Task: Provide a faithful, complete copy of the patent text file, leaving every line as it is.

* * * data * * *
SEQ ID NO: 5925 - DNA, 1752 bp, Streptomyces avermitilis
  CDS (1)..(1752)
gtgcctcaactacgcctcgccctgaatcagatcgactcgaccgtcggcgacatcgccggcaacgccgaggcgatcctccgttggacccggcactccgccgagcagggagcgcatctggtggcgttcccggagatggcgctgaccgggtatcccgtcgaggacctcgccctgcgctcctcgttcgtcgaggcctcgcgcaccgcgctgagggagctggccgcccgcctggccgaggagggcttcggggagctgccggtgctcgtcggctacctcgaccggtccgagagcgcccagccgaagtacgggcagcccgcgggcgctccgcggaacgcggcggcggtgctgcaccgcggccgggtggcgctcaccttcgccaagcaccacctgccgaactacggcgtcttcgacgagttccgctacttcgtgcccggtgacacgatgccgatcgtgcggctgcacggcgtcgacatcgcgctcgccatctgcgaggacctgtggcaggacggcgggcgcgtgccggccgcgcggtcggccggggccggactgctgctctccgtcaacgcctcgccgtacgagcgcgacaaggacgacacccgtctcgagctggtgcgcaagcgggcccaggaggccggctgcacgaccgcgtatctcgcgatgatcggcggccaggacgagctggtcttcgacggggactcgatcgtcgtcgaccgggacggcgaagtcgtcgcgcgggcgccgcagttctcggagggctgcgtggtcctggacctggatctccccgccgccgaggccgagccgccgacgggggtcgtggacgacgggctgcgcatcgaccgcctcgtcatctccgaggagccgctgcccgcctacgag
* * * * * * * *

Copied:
SEQ ID NO: 5925 - DNA, 1752 bp, Streptomyces avermitilis
  CDS (1)..(1752)
gtgcctcaactacgcctcgccctgaatcagatcgactcgaccgtcggcgacatcgccggcaacgccgaggcgatcctccgttggacccggcactccgccgagcagggagcgcatctggtggcgttcccggagatggcgctgaccgggtatcccgtcgaggacctcgccctgcgctcctcgttcgtcgaggcctcgcgcaccgcgctgagggagctggccgcccgcctggccgaggagggcttcggggagctgccggtgctcgtcggctacctcgaccggtccgagagcgcccagccgaagtacgggcagcccgcgggcgctccgcggaacgcggcggcggtgctgcaccgcggccgggtggcgctcaccttcgccaagcaccacctgccgaactacggcgtcttcgacgagttccgctacttcgtgcccggtgacacgatgccgatcgtgcggctgcacggcgtcgacatcgcgctcgccatctgcgaggacctgtggcaggacggcgggcgcgtgccggccgcgcggtcggccggggccggactgctgctctccgtcaacgcctcgccgtacgagcgcgacaaggacgacacccgtctcgagctggtgcgcaagcgggcccaggaggccggctgcacgaccgcgtatctcgcgatgatcggcggccaggacgagctggtcttcgacggggactcgatcgtcgtcgaccgggacggcgaagtcgtcgcgcgggcgccgcagttctcggagggctgcgtggtcctggacctggatctccccgccgccgaggccgagccgccgacgggggtcgtggacgacgggctgcgcatcgaccgcctcgtcatctccgaggagccgctgcccgcctacgag